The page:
Rite Aid drops plan for expansion Balto. County community had protested proposal

June 04, 1998|By Melody Simmons | Melody Simmons,SUN STAFF

Neighbors fighting the planned expansion of a Rite Aid Corp. store in the Baltimore County community of Paradise say company officials this week withdrew the proposal in the face of that opposition.

"We're all delighted. Everybody is," said Patricia Bentley, who lives across the street from the Rite Aid store in the 6400 block of Frederick Road. "For now, we are extremely surprised -- pleased, yet wary."

Residents had said expansion of the 7,000-square-foot brick store to a 10,000-square-foot structure with a drive-through window would have cluttered roads and changed the small-town ambience of Paradise, a community east of Interstate 695 on Frederick Road.

Rite Aid officials did not return repeated phone calls for comment this week. But the company yesterday formally withdrew a request for a meeting about the project with the county's Department of Permits and Development Management, according to Donald T. Rascoe, development manager. The meeting had been scheduled for Monday.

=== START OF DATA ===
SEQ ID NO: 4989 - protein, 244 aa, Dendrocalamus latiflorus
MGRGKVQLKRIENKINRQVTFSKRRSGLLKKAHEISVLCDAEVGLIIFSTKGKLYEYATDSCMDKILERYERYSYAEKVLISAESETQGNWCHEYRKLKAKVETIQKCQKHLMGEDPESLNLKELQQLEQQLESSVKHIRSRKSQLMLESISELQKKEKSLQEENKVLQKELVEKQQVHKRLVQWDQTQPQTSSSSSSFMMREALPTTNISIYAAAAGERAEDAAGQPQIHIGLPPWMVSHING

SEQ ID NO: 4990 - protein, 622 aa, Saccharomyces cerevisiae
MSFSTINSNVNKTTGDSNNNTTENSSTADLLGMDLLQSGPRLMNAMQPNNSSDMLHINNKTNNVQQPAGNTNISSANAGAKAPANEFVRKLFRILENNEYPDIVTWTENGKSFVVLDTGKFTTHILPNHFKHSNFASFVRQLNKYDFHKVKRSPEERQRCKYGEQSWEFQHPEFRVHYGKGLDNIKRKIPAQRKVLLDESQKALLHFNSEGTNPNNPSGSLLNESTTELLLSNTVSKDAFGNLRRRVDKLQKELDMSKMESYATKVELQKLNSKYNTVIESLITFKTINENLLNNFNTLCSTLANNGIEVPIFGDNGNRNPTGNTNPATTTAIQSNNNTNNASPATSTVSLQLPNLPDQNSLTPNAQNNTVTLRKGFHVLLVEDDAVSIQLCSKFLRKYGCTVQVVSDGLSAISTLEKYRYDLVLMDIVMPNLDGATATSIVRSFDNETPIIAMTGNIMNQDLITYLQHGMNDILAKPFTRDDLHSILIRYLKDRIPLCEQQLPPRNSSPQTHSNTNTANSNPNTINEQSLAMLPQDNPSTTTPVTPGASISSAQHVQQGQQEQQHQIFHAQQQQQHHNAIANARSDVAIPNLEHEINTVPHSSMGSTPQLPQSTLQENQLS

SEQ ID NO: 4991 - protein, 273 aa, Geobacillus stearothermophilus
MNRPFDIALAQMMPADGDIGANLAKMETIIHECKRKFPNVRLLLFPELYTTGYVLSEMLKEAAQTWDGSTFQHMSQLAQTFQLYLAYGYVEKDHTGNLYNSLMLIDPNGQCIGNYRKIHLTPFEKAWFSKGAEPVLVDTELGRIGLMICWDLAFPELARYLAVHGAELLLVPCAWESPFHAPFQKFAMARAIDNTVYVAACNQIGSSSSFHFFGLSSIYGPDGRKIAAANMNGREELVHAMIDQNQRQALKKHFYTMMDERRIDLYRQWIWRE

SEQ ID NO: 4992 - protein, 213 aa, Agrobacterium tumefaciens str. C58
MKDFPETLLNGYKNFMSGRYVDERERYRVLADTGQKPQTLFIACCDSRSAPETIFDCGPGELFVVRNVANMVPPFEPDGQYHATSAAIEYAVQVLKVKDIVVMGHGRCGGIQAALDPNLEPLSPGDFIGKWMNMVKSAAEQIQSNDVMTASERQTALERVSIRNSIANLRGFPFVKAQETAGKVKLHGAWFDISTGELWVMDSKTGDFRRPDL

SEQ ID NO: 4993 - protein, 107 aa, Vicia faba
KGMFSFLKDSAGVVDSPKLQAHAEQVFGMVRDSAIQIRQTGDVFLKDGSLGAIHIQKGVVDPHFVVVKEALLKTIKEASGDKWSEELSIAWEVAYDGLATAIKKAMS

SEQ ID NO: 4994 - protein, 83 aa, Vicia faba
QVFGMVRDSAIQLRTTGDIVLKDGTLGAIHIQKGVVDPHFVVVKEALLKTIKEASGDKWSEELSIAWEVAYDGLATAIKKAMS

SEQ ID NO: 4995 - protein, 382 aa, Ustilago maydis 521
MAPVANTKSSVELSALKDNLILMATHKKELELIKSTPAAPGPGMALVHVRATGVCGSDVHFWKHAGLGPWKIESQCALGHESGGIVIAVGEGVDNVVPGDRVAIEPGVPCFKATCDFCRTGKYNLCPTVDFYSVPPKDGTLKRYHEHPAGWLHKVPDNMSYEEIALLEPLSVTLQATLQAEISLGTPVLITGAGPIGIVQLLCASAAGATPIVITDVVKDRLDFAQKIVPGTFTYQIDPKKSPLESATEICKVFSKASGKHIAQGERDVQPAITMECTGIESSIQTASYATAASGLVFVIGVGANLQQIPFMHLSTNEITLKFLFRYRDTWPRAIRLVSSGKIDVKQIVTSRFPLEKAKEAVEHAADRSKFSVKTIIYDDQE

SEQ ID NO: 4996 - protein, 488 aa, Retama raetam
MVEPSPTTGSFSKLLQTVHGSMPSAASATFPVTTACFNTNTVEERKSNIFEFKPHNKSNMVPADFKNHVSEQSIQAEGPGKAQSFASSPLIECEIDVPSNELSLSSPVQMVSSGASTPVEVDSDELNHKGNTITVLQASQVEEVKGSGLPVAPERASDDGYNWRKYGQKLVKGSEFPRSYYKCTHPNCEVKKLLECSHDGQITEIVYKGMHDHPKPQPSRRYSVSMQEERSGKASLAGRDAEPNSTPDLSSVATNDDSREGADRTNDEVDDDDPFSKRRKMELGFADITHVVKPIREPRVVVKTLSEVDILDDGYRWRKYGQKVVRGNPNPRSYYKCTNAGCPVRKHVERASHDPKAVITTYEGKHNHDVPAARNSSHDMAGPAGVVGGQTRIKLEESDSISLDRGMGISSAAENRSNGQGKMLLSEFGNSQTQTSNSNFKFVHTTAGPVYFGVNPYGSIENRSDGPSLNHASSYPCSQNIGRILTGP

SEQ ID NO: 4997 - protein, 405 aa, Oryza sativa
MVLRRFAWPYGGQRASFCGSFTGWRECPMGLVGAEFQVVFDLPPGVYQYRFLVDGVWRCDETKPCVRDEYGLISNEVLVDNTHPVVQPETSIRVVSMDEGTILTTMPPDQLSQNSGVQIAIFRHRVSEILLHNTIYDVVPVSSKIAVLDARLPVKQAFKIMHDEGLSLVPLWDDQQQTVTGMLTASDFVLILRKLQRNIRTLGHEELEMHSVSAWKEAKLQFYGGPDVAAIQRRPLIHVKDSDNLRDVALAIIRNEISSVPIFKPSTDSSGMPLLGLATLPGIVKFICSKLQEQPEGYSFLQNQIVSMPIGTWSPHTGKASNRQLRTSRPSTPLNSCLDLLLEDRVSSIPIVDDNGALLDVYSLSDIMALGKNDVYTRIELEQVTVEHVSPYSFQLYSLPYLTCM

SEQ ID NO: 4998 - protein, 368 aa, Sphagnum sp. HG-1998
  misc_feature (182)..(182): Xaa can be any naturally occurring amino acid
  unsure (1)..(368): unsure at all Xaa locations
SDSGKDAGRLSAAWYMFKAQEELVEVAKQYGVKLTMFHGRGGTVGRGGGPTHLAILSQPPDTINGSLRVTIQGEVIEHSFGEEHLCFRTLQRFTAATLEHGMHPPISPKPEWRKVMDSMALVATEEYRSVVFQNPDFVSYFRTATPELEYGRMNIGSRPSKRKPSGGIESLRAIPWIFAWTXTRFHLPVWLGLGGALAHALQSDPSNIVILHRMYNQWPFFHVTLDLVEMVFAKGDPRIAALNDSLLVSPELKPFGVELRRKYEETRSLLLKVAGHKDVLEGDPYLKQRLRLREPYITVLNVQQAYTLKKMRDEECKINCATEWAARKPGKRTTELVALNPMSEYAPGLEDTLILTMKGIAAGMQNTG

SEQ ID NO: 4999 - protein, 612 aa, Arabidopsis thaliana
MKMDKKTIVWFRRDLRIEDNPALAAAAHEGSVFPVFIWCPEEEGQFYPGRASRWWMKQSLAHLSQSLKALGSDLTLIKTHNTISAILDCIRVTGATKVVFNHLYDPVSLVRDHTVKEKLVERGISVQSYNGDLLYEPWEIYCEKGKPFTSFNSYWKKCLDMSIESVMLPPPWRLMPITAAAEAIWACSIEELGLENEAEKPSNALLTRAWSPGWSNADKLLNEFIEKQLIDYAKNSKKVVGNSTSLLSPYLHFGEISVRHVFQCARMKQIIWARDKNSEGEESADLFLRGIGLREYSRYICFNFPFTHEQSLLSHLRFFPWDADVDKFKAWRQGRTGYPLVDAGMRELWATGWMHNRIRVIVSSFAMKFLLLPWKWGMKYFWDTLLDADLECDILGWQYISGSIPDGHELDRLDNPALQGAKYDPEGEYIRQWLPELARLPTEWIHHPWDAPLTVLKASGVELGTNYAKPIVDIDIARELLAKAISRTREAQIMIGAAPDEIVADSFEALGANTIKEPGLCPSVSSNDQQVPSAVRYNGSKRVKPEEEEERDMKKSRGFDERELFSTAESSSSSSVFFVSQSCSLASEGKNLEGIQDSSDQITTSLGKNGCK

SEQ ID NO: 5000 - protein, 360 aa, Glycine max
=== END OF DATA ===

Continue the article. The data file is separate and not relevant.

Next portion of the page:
A petition with more than 700 signatures is circulating in Paradise protesting the expansion.

About 300 neighbors turned out at a community meeting Monday night at the Christian Temple Church on Edmondson Avenue to argue that the expansion would have eliminated smaller businesses, including a Pizza Hut carryout, the Thai Paradise restaurant and a seafood store.

Pamela Fetsch, president of the Paradise Community Association, said some feared that the Paradise store would close because of market saturation -- there are three other Rite Aid stores within a three-mile radius of Paradise.

Fetsch said Rite Aid officials failed to respond to requests from the community to explain why the expansion was necessary. A certified letter to corporation Chairman Martin L. Grass went unanswered.

Because of that, Fetsch said many neighbors wonder if Rite Aid's pledge to withdraw its expansion plans are temporary or permanent.

"Rite Aid said it did not want to be at war with the community," Fetsch said. "They are now saying they want to work with the community. I don't know. There is a lot of distrust because of past behavior."

The Paradise controversy occurred as Rite Aid has embarked on a $200 million advertising campaign and expansion of its 4,010 stores in 31 states. The chain has posted sales of $12 billion in 1997.

Pub Date: 6/04/98

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